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Students More Likely to Eat Healthy if Persuaded by Emoticons

6 MAY 2015
Career Path : Education News

Education news

The “Happy Meal” has been a fast food symbol for children since 1979. Now, doctors and researchers think they have finally cracked the secret power of the Happy Meal—smiley faces.

Today, no young person under the age of 18 doesn’t know about or use emoticons. A smiley face at the end of the email, a rainbow/thumbs up/syringe string of emoji’s in a text, and so forth. We’re obsessed with emoticons, and food packagers hope to utilize this obsession to turn kids towards eating healthier foods.

A major risk for childhood obesity is unhealthy cafeteria choices. While almost every cafeteria will offer some sort of vegetable or salad option, they are often unappetizing, not fresh or are overpowered by the dozens of other unhealthy options, like fries and pizza. While the first step in this nutrition experiment is to first offer appetizing healthy options, nutrition experts are now suggesting these healthy options be paired with a smiley face sticker on the packaging.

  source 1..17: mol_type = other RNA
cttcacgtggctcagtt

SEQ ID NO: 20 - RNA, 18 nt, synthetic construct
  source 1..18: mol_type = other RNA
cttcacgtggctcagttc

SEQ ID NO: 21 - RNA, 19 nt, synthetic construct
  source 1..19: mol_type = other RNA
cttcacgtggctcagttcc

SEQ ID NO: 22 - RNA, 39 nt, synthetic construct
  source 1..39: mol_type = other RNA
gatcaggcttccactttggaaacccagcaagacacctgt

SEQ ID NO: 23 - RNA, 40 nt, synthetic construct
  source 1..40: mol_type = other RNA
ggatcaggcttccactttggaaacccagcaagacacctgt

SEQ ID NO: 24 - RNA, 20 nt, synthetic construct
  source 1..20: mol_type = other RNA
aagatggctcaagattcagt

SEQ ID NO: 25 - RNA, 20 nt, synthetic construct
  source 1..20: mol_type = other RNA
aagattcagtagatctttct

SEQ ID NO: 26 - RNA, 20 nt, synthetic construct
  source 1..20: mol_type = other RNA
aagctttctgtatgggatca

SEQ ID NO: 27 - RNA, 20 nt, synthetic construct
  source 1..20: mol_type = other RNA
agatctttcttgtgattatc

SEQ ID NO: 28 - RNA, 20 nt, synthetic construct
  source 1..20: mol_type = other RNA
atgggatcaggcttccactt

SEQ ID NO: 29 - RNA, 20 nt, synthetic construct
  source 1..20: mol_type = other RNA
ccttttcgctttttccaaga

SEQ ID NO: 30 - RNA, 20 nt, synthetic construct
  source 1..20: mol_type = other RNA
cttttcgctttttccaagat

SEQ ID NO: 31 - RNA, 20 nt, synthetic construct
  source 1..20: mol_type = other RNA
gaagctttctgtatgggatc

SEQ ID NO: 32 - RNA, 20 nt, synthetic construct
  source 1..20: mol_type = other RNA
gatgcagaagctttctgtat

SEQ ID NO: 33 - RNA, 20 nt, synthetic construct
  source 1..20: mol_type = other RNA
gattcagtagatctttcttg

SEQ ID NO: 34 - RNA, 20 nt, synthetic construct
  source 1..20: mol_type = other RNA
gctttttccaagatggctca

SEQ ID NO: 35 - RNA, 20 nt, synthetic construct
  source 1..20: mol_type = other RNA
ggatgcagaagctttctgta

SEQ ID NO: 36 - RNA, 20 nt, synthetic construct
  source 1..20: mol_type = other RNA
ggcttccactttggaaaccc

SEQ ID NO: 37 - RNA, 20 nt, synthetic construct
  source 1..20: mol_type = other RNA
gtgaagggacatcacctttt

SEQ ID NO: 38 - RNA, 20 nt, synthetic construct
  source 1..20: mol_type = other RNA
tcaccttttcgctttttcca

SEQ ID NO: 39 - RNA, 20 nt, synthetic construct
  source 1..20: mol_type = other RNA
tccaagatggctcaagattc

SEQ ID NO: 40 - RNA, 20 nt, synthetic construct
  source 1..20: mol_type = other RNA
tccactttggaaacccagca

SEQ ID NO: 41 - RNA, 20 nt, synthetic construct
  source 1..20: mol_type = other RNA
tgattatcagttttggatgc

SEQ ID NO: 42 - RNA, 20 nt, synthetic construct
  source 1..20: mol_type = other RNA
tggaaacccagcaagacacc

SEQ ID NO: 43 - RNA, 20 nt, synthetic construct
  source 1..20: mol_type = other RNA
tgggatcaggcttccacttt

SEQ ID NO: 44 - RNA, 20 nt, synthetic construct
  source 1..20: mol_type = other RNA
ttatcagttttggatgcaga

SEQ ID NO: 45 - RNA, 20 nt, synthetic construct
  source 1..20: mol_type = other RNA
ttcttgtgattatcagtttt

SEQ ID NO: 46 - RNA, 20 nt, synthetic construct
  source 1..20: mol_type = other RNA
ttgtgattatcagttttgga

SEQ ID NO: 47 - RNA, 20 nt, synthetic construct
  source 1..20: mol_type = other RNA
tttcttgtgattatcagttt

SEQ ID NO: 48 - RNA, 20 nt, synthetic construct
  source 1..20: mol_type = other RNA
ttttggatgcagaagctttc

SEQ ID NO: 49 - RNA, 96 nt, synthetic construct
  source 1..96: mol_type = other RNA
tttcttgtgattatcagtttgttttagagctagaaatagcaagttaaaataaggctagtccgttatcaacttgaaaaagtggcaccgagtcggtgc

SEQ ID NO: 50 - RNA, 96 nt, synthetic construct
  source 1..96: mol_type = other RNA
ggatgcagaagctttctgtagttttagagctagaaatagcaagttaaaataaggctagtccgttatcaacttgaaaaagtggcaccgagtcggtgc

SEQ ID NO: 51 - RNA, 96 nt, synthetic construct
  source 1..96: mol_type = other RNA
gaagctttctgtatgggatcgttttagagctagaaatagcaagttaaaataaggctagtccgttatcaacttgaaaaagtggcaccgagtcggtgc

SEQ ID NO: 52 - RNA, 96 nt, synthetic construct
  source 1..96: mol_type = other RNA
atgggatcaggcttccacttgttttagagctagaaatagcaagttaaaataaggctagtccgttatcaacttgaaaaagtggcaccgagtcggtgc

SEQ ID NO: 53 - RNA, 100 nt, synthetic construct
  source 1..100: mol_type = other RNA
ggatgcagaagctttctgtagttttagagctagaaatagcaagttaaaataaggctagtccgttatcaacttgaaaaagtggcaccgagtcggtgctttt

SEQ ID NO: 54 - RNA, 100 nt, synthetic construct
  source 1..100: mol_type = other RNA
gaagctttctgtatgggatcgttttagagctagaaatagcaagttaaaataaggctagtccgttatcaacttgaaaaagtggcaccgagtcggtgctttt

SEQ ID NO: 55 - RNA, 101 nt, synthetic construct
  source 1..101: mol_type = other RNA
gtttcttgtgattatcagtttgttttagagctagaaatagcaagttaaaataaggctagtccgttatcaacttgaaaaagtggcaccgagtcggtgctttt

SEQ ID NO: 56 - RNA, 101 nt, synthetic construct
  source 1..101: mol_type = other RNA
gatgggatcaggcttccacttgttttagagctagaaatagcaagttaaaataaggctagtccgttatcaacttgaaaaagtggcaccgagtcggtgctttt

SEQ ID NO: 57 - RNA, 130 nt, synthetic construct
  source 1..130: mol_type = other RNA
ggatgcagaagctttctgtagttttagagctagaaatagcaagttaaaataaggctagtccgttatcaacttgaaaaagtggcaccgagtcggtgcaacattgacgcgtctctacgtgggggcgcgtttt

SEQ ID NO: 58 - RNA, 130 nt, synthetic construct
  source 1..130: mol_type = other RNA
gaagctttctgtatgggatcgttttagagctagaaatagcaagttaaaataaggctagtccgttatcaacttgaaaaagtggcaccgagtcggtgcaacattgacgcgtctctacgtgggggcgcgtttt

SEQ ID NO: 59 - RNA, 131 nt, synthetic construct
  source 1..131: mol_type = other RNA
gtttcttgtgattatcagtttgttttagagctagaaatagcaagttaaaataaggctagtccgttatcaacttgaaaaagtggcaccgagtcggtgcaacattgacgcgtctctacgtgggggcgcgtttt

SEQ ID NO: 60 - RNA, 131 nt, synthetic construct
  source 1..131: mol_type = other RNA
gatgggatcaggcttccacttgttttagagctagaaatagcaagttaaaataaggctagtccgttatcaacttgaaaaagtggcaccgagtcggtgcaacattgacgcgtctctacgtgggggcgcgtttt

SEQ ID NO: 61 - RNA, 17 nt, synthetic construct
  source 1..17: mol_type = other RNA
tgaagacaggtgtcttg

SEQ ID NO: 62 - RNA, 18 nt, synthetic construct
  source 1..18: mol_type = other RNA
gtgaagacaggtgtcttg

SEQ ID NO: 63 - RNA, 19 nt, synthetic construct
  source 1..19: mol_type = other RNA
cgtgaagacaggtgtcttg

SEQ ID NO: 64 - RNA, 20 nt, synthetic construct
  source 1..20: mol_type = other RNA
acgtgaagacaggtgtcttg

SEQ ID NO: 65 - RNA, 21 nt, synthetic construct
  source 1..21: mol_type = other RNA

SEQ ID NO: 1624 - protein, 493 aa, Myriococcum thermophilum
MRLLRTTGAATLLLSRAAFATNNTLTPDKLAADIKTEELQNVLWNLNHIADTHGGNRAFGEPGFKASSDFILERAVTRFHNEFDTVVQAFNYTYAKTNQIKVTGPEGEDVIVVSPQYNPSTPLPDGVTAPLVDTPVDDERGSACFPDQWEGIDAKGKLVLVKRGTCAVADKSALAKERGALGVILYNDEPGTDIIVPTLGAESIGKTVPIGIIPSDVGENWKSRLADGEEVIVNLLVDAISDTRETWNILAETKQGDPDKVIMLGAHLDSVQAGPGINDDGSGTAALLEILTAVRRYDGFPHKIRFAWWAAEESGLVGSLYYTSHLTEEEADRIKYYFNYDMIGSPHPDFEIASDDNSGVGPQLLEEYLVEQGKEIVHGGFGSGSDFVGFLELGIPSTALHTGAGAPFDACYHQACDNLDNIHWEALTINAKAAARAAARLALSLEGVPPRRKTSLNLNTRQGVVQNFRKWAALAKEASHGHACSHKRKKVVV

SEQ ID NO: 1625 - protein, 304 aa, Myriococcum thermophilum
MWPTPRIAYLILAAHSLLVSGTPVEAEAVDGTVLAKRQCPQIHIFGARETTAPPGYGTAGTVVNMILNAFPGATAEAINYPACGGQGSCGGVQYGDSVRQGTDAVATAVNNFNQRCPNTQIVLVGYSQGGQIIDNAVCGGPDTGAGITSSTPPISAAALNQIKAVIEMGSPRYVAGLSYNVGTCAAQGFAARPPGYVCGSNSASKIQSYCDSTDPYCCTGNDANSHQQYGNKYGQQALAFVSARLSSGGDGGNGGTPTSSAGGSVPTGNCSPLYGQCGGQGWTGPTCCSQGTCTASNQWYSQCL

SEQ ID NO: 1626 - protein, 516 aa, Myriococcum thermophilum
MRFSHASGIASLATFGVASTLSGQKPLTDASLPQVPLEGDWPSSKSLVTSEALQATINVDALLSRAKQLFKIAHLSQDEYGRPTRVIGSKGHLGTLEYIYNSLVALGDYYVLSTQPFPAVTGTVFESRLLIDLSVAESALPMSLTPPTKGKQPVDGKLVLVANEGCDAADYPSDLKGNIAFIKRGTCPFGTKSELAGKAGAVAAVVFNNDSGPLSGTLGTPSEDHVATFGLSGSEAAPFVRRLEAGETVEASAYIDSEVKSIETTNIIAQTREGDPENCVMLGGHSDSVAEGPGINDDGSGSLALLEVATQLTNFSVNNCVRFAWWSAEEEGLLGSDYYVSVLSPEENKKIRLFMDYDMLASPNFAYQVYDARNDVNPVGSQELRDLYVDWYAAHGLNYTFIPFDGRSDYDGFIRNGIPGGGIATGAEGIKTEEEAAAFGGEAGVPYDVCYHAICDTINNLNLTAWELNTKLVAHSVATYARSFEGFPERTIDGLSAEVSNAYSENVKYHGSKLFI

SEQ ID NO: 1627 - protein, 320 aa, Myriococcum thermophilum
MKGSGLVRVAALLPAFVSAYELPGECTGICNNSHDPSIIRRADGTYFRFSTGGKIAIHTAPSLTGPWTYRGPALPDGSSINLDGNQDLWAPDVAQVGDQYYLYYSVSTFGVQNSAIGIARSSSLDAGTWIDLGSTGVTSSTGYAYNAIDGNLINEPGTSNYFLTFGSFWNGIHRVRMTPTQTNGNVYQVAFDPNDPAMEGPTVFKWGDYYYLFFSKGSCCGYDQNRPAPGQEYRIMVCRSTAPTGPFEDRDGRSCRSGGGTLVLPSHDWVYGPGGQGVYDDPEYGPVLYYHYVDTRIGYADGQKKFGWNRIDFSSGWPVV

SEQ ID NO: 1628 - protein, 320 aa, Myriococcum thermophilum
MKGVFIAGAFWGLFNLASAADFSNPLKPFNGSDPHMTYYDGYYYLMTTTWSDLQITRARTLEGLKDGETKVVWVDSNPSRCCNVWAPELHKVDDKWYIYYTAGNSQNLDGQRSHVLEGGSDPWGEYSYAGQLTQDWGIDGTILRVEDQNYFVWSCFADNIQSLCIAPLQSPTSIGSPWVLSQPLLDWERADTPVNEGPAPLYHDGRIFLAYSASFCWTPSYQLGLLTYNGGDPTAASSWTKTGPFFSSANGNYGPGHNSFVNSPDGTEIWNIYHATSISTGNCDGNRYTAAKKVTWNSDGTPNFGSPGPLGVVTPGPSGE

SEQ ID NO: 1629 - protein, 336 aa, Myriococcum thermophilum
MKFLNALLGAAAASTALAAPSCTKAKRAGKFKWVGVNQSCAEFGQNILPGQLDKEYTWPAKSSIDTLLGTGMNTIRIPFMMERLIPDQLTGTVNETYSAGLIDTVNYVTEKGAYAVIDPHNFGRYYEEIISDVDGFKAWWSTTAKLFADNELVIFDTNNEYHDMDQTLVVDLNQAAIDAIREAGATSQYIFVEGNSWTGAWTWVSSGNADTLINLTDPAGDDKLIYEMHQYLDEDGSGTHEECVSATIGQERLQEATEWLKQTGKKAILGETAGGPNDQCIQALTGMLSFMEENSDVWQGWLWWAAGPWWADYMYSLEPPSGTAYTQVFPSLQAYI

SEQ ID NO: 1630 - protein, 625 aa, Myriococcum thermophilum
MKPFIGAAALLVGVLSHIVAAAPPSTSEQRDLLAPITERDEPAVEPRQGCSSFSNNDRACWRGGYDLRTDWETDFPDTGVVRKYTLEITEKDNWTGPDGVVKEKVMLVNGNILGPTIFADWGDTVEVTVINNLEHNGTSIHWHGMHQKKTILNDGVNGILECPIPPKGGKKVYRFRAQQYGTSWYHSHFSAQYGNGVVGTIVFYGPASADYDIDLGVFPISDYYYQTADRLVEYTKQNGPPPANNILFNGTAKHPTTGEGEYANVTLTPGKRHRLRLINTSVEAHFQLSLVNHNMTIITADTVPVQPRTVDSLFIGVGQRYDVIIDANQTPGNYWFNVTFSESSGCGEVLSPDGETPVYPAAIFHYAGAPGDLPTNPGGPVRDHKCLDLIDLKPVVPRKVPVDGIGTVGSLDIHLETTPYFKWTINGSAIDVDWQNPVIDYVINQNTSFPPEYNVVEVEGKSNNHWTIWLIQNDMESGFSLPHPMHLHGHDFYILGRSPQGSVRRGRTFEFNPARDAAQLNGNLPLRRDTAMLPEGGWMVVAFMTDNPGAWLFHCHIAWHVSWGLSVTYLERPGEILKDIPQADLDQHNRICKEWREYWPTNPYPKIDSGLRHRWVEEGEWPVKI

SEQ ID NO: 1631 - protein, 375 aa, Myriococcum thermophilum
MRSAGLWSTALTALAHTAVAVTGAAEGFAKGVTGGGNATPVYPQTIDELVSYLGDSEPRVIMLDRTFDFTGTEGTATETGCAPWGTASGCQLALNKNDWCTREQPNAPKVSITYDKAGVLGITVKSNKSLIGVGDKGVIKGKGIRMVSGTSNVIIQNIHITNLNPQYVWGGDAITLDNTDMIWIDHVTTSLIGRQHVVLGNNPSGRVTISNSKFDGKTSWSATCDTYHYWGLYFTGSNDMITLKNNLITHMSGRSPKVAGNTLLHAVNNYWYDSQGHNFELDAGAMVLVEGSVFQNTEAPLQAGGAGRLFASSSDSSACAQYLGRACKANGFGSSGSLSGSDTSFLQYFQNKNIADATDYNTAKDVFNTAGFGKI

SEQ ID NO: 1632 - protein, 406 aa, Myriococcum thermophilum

By adding a smiley face emoticon by or on the healthiest foods in the cafeteria, children were surprisingly easily persuaded to eat better. This smiley face was also accompanied by a toy (in this case a small beach ball), just like McDonald’s Happy Meals.

The marketing tactic made chocolate milk sales at the test cafeteria dip significantly, while white milk sales increased by 549%. Meanwhile, fruit sales increased by 20%, and vegetable sales by 62%.

Should we continue giving children incentives to eat healthy? Do you think students will go back to unhealthy eating when there is no reward involved?

Source: Education News